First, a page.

In the world of real estate, you’ll often hear words that aren’t common in daily life. We’ve put together this guide to help you understand our industry jargon!
If you are curious about a term you’ve heard that’s not on here, or have any questions about real estate, feel free to contact us! We’re happy to answer all your questions!
Real Estate Vocabulary:
Closing costs — A variety of expense associated with the purchase and sale of a home, such lender fees, title insurance, appraisal fees, homeowners insurance, and taxes.
Commission — A fee charged by a real estate agent for their services and expertise. In most cases, the seller pays the commission to his agent and the buyer’s agent
Contingency — Certain criteria must be met before a sale can close. Common contingencies include home inspection, financing, and home appraisal.
DTI — Debt-to-Income. This is the total percent of a borrower’s income that is paid toward debt each month. It is calculated as a ratio of a borrower’s gross monthly income over their debts (such as car payments, student loans, and credit card bills).
Earnest money deposit — Earnest Money is similar to a security deposit placed down by the buyer on the property. Depending on the price, location and terms agreed upon, the buyer and seller negotiate the amount offered as Earnest Money. There are terms surrounding what may or may not happen to these funds in the event of default, so please be sure to review your contract for full understanding. Of course, you can always contact us for more details!
Escalation clause — In order to make a competitive offer, a buyer may use an escalation clause where they state an amount they will increase their offer by if another offer is received that is higher than theirs.
Escrow — A neutral third party who handles the money and documents of the buyer and seller before a home closes.
Exclusive – You’ve probably seen this on many real estate signs. This means that the agent has the exclusive right to sell the property within a specified number of months. This motivates the agent to sell the property quickly for the highest price possible.
FIRPTA – Foreign Investment in Real Property Tax Act of 1980. If you buy U.S. real estate from a foreign person, you may be required to withhold 10% of the amount realized from the sale. This doesn’t apply for purchasing a residence for $300,000 or less.
MLS — Multiple Listing Service. The local real estate service that compiles available properties for sale submitted by real estate agents. The MLS can only be accessed by real estate agents and is the best way to get your home sold and to find a home to buy because it’s the most accurate and up-to-date way to search homes!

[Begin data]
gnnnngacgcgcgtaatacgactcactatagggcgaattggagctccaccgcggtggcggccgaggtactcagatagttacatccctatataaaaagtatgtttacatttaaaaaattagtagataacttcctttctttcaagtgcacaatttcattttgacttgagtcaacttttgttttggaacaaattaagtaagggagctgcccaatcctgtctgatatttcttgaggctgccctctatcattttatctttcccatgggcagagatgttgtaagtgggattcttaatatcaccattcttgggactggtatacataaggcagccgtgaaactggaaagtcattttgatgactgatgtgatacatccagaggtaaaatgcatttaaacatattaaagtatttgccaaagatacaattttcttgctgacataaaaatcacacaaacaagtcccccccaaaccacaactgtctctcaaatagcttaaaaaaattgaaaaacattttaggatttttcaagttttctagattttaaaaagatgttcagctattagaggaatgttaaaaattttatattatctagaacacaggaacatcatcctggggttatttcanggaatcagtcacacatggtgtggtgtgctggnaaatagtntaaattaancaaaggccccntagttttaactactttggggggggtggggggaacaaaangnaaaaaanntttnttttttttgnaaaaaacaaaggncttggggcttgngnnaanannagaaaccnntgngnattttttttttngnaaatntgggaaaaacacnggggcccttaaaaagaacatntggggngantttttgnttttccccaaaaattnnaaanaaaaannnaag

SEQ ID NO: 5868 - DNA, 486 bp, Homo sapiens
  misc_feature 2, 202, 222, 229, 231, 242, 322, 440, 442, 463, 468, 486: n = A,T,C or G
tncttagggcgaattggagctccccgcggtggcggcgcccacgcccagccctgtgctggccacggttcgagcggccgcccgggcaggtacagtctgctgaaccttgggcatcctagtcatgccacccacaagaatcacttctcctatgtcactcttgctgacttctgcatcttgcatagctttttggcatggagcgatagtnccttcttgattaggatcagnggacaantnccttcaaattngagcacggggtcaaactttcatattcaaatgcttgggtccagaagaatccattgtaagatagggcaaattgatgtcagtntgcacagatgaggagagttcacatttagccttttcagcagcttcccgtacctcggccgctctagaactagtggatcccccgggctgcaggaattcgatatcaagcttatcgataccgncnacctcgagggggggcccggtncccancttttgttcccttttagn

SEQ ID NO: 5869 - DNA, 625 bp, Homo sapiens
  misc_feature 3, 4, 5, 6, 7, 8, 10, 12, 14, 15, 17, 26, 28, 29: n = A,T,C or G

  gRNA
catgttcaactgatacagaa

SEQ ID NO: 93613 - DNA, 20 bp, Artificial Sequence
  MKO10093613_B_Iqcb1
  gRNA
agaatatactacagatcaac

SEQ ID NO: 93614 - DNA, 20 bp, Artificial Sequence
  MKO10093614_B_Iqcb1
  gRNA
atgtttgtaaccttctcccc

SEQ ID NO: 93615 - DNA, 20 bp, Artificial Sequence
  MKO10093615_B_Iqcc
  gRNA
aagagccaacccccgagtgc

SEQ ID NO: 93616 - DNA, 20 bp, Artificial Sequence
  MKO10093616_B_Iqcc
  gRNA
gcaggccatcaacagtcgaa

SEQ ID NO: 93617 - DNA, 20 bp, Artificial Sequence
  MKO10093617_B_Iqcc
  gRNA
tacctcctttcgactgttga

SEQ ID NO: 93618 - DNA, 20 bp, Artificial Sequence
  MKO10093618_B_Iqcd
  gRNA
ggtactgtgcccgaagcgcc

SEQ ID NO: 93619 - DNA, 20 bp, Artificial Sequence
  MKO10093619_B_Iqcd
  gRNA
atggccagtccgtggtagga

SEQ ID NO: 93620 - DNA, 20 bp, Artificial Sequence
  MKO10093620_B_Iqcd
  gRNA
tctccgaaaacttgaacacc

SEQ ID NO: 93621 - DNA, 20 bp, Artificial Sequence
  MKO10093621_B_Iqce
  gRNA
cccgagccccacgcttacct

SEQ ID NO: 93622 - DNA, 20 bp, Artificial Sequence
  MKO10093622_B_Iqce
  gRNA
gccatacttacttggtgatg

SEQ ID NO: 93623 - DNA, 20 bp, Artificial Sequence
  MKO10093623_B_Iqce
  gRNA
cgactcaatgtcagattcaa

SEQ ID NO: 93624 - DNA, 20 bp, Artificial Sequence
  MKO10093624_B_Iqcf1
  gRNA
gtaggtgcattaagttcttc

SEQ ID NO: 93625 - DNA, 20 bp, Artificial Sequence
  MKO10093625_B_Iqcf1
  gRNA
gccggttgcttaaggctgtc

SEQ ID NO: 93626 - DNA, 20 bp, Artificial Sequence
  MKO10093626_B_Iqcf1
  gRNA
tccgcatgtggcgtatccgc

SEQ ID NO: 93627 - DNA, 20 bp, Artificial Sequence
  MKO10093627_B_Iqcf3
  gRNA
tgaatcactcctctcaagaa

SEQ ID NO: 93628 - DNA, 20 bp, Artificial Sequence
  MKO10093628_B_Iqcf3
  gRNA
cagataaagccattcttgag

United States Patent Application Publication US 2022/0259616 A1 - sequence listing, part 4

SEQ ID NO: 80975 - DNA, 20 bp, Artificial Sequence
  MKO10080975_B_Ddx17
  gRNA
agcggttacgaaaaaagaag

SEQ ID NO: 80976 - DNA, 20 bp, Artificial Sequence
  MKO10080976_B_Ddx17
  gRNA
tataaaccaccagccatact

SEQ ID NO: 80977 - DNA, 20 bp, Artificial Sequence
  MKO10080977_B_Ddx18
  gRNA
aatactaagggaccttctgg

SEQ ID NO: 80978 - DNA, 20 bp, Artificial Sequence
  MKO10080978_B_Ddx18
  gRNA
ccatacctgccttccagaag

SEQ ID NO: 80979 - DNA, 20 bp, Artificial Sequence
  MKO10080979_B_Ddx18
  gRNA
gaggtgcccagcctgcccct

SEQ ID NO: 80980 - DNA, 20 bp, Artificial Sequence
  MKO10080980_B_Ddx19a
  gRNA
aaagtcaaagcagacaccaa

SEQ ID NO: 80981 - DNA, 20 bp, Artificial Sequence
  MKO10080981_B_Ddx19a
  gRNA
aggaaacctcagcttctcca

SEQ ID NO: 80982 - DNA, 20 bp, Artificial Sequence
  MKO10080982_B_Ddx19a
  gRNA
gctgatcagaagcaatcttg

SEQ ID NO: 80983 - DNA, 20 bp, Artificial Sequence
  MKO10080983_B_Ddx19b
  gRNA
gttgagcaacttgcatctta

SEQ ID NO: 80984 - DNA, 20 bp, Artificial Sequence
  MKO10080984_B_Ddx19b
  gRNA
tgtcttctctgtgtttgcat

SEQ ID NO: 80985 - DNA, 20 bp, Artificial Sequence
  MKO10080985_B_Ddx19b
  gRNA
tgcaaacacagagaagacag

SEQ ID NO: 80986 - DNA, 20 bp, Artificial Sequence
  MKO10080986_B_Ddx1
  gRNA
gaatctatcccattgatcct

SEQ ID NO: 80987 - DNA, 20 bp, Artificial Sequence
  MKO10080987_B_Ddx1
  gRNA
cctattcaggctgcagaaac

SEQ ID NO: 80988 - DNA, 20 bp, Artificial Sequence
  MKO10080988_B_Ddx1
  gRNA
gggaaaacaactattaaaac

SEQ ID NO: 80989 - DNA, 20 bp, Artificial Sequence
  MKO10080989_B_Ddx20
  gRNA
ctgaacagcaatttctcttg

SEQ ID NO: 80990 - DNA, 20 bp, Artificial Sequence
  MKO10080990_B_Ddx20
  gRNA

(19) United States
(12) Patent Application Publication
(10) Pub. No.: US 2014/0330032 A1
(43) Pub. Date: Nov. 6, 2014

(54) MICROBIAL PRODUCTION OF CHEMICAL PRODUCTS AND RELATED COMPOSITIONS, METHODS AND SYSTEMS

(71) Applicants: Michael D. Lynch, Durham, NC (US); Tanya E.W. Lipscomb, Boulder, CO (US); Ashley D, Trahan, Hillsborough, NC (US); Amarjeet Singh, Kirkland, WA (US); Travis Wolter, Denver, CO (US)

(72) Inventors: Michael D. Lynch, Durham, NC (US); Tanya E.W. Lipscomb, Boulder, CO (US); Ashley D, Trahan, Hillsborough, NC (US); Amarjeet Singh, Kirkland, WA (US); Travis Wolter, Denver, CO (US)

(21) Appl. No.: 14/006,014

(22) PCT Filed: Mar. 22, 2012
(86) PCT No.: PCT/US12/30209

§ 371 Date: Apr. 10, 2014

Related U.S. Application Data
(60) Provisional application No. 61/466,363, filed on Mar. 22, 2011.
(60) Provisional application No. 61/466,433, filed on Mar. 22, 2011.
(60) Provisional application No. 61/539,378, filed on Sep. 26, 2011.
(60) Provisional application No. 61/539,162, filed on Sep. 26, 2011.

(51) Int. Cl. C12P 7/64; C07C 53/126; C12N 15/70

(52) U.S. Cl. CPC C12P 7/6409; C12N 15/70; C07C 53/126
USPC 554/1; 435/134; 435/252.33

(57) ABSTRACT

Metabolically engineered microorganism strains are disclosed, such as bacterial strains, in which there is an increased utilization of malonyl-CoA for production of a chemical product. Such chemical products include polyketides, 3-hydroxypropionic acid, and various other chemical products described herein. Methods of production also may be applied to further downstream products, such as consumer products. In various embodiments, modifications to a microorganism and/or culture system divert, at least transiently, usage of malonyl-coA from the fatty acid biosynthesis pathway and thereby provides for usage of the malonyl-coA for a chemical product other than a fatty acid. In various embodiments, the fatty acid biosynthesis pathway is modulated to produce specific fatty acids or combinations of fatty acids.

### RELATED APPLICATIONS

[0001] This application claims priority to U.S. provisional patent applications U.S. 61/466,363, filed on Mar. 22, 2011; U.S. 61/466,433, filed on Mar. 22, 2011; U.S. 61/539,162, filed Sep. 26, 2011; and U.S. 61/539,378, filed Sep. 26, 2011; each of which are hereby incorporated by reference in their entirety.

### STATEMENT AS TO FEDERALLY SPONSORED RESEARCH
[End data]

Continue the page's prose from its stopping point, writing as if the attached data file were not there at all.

Pre-qualified vs. Pre-approved — When looking to buy a house, the first step is to get pre-qualified. This is where you give the lender a general overview of your financial situation and they give you an informal estimate of what you can afford. Getting pre-approved is the second step. This is where the lender will check your financial background and determine your creditworthiness. It’s important to complete both steps before looking for a home so you can shop for what you can afford and you’ll be one step closer to getting an actual mortgage when you submit an offer!
Title – legal right to ownership of property.
Title insurance — Insurance that compensates the buyer or lender if title issue arise after closing such as title defects, liens, or competing claims of ownership on a property.
Around the Home:
Chef’s Kitchen – A kitchen equipped for a professional chef or someone desiring to cook like one! A chef’s kitchen generally includes:
- A Sub-Zero fridge and freezer
- A gas cook range with a high Btu (British thermal unit which allows for large, hot flames)
- Room for multiple people to cook
- Multiple ovens
- Warming drawers
- Deep sinks
- Multiple dishwashers
Ensuite – a private bathroom attached to a bedroom
Roof Terms –
- Soffit – the exposed siding underneath the roof’s overhang
- Fascia – the area of siding directly above the soffit
- Guttering – the trough fixed beneath the edge of a roof to carry off rainwater
- Bargeboard – the board fixed to the end of a roof to hide the ends of the roof timbers